Buyer wanted to offer well under the asking price. As I discuss the price with her, she listens, she nods, and she says (I paraphrase), “You work for the seller, why should I listen to you?”

As someone representing the seller, I do not have the authority to represent any price but the full asking price. I am not free to negotiate money which is not mine. Which is besides the fact I thought the asking price was reasonable.

As I asked her to sign the offer, she hesitates, “You know, maybe I should have my own agent review this.”

I asked her if she knew anyone, she does, she calls and books an appointment with this other agent immediately.

Two hours later, I received an offer from this buyer through her buyer’s agent. It was a much higher, much better offer. It reflected a buyer who understood the market and the process.

Seems to defy logic, that a buyer’s agent will write a much better offer than the seller’s agent?

The fact is, as long as my ficuciary obligation is to the seller, nothing I say to a buyer carries much weight. I may be giving excellent and honest advice, but none of it can be contrary to my clients best interests, or what they tell me to represent.

A buyer knows there is a choice to be represented, and once she is aware of the fact she is not, hesitation sets in. Buying a condo is a bit complex and expensive.

By seeking reprentation, the buyer agent is there through the whole transaction to explain everyting, and ensure the buyer understands it. The buyer receives advice congruent with her interests, and thus she is a more informed and eager.

Financially my client is ahead because the home buyer trusted her agent’s advice – a trust I can’t instill as someone representing the seller.

An educated, well represented buyer will make stronger offers, take the transaction more seriously, and is much more likely to close.

Isn’t that the goal?

Houses in Boston

Home Prices in West Roxbury MA: 02132

Located in the South-Western most post of Boston, West Roxbury is sometimes believed to be a suburb.  As a local resident, I enjoy reminding people I am indeed a Bostonian!

It is easy to see why many think it is a suburb – tree lined streets, single family and two family houses dominate the neighborhood, and everyone has a little bit of lawn to enjoy.  The streets are tame and the traffic moves. Bellevue Hill and the Highlands are home to colorful Victorians and expansive Colonials.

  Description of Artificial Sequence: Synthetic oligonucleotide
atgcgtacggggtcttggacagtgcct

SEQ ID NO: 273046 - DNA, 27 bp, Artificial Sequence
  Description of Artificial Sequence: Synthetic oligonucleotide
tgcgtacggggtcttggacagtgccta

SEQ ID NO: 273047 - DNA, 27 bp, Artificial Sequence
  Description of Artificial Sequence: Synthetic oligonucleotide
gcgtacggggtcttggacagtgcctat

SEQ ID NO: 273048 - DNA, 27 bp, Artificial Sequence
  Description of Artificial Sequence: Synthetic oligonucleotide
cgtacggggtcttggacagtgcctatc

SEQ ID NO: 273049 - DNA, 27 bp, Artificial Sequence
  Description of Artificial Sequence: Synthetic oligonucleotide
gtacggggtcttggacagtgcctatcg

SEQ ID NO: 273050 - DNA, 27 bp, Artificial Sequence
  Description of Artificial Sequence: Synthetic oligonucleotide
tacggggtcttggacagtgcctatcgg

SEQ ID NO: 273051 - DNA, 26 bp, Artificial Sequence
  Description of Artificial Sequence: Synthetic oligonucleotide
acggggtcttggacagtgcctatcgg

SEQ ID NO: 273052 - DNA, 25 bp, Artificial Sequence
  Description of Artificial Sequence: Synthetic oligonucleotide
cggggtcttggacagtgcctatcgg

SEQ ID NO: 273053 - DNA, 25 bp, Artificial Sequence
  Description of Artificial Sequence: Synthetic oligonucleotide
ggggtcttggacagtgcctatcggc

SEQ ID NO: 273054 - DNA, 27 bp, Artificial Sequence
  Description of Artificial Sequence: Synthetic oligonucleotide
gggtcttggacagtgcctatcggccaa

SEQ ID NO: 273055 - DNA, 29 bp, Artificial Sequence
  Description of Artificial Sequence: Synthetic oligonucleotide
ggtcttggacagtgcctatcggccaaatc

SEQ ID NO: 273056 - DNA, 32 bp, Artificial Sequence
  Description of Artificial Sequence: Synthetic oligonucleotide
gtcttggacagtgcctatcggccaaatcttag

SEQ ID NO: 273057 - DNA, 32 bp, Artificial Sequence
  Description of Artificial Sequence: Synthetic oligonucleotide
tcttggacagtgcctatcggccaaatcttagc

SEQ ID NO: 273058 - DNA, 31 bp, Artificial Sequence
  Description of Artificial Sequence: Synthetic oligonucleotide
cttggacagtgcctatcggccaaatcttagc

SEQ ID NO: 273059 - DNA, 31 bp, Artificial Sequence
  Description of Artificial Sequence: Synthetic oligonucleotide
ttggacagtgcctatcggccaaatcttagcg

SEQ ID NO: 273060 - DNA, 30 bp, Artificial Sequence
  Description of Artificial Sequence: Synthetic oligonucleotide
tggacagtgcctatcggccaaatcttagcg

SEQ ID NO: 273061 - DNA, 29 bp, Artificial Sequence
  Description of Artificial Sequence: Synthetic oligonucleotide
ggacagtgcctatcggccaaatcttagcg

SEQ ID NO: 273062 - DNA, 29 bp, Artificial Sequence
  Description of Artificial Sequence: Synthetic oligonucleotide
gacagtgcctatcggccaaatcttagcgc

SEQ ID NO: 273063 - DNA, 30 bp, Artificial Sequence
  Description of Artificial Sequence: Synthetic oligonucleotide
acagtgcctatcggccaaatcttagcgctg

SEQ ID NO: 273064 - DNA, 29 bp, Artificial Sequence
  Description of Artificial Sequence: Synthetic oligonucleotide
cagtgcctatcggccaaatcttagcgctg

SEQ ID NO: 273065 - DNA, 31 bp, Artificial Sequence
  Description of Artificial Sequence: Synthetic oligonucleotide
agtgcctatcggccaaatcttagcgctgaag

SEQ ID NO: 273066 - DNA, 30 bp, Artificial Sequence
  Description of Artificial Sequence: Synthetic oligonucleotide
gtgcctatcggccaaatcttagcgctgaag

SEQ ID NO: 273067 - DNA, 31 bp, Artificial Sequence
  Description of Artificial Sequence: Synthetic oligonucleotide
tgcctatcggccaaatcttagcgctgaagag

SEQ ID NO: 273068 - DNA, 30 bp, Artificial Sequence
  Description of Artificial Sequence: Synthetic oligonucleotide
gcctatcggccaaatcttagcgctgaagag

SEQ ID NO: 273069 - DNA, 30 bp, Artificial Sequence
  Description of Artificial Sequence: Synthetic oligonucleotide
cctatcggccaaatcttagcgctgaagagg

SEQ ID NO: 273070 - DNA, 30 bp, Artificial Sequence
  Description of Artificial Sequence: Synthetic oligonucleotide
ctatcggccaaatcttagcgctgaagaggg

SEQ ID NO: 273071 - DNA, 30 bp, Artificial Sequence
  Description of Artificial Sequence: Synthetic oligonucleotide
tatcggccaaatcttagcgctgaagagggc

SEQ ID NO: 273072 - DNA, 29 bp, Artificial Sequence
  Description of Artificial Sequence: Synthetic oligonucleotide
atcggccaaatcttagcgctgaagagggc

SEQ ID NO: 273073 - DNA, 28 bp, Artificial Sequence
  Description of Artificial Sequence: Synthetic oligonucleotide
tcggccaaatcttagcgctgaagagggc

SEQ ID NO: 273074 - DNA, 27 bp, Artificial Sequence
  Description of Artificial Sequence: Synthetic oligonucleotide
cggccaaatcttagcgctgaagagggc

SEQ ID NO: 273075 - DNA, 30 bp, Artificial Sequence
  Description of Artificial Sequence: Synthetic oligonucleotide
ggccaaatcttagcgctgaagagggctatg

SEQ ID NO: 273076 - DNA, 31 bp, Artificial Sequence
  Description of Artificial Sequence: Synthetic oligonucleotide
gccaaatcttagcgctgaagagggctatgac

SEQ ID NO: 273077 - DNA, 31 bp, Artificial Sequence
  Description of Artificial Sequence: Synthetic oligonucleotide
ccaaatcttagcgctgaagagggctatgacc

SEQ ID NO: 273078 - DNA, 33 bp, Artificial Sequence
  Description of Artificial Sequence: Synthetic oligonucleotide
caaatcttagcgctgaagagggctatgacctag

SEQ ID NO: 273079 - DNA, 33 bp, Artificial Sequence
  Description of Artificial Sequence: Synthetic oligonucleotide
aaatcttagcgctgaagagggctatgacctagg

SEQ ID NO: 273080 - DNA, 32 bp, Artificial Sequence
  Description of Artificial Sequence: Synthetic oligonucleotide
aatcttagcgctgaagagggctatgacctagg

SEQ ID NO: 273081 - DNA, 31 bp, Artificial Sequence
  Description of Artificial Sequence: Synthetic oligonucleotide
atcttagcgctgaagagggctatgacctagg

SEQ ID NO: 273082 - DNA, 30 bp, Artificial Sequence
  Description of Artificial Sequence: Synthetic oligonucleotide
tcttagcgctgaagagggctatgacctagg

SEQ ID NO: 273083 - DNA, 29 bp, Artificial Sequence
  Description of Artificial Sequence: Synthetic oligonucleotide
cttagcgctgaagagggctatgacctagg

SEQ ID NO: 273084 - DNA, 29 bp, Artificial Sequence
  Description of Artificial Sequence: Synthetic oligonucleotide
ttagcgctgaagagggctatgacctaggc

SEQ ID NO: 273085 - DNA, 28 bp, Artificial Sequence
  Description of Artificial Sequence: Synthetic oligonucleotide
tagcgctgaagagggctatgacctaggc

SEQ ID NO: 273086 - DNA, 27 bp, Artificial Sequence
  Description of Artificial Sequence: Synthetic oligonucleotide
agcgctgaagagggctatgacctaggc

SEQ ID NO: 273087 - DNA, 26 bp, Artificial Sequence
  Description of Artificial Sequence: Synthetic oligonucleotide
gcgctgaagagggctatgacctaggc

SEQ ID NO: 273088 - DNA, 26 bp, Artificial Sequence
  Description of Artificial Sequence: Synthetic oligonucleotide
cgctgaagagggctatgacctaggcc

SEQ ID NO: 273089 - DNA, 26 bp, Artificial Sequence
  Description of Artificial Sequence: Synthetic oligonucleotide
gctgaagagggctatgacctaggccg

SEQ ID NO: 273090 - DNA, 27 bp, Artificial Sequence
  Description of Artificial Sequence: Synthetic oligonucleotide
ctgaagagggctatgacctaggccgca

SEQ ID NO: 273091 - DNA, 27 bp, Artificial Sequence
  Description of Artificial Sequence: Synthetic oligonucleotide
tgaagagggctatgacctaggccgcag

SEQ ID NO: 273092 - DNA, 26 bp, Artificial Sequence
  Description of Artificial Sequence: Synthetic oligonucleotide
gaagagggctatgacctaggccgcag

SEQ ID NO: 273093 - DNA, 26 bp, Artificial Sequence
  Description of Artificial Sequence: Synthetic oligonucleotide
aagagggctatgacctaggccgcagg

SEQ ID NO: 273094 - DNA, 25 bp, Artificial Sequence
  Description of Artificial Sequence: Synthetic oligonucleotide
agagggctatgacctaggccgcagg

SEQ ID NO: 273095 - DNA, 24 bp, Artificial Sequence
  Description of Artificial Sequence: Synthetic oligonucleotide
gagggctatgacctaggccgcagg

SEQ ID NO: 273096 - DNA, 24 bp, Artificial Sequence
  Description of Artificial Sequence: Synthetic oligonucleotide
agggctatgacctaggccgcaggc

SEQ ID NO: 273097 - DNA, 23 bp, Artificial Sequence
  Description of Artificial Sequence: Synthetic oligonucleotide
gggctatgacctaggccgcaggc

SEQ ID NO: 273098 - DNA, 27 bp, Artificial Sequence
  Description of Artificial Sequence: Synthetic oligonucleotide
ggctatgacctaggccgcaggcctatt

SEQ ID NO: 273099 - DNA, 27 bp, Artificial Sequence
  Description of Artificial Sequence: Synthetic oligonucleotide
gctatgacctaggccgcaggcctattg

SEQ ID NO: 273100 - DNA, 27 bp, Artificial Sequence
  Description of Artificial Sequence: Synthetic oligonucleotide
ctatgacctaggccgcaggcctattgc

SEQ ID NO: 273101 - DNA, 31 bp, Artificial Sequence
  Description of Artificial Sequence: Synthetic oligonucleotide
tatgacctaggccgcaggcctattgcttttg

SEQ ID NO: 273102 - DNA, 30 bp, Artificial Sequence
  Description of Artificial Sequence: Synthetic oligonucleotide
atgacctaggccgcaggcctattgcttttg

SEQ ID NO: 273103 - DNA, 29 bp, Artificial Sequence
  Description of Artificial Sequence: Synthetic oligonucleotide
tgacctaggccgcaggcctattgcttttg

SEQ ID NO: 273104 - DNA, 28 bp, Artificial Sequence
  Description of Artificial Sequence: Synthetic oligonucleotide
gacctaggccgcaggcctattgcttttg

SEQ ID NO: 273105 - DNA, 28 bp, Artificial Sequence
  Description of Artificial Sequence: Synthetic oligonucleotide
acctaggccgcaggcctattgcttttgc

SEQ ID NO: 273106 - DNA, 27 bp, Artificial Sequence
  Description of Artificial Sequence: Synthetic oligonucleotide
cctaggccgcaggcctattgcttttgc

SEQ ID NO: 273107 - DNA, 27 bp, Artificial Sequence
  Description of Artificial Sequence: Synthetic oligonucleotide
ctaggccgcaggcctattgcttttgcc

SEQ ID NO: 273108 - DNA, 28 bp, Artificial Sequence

West Roxbury has been an attractive choice for young families in need of an easy commute into the City by car or train.  And now this has put much pressure on home prices.

Below find a chart presenting the median prices of single family homes for sale in West Roxbury for the past three years.  Prices are clearly on the sharp rise.

Large Chart

The natural forces of supply and demand are at play.  Below you’ll find a chart of the inventory of houses for sale, in the past three years.  The lack of housing is obvious.  This puts further pressure on home sales as sellers feel comfortable asking for higher prices when they have no competition.

Large Chart

 

What to expect will happen to home prices in West Roxbury MA this Spring?  I expect the sharp rise will be tapered as more home owners sell their home this Spring.  Yet, I still don’t believe demand for housing will be fully satisfied by inventory, as this neighborhood will continue looking more and more attractive to young families.

Boston Condo with Parking

Brighton MA 8 Kinross Road Unit 8

Rarely available one bedroom condo a walk from Cleveland Circle. Beautiful and spacious, this condo comes parking, and a private deck. Eat-in kitchen and plenty of closets, hardwood floors and great light leave you wanting nothing more. Good building minutes to B, C, D lines.  Asking price $319,000.


Newton Real Estate Buyers

Do Home Buyers Pay A Commission in Newton MA?

Home buyers in Newton and the Greater Boston Area often ask me how do real estate agents get paid? It is a source of confusion and sometimes it prevents buyers from hiring an buyer’s agent.

Newton Real Estate Buyers

Here are answers to the most common questions around real estate commission home buyers often ask:

1. Do Home Buyers Pay a Real Estate Commission?
The price of the home reflects the full commission which will be paid to both the buyer’s and the seller’s agent. There is rarely commission to be paid to your agent above what is already included in the price of the home.

2. Are there exceptions?
There is an exception, though. If you have a buyer agency agreement with your broker, there are rare occassions when the commission paid through the price will not cover the full commission your broker charges. For example, your contract may have a 2.5% commission agreement, but the listing agent is only cooporating at a 2% commission.

How is this resolved?
When the commission included in the price does not cover the buyer agent’s commission, One of three things happen.
a. Your agent will demand the seller pays the full 2.5% out of the sale proceeds. This will be written into the offer which you sign.
b. Your agent may forgo the .5% commission.
c. You may have to pay the balance of the commission at closing.

Please note discount commissions are rare in Newton, MA. In my experience, I never sellers often agree to pay the full commission out of their proceeds.

3. If there is a chance I will pay additional commission, why sign a buyer agency agreement?
It is a rare occassion the buyer pays real estate commission beyond the purchase price. It usually happens when the sale is through a discount broker representing the seller or a for-sale-by-owner. Your buyer’s agent has much more work to do in either of these scenarios.

Furthermore, the buyer agency agreement is designed to protect the interest of the buyer. When hiring a excellent agent, the risk of possibly paying extra commission will be far outweighed by the risks of buying a home without representation in Newton MA.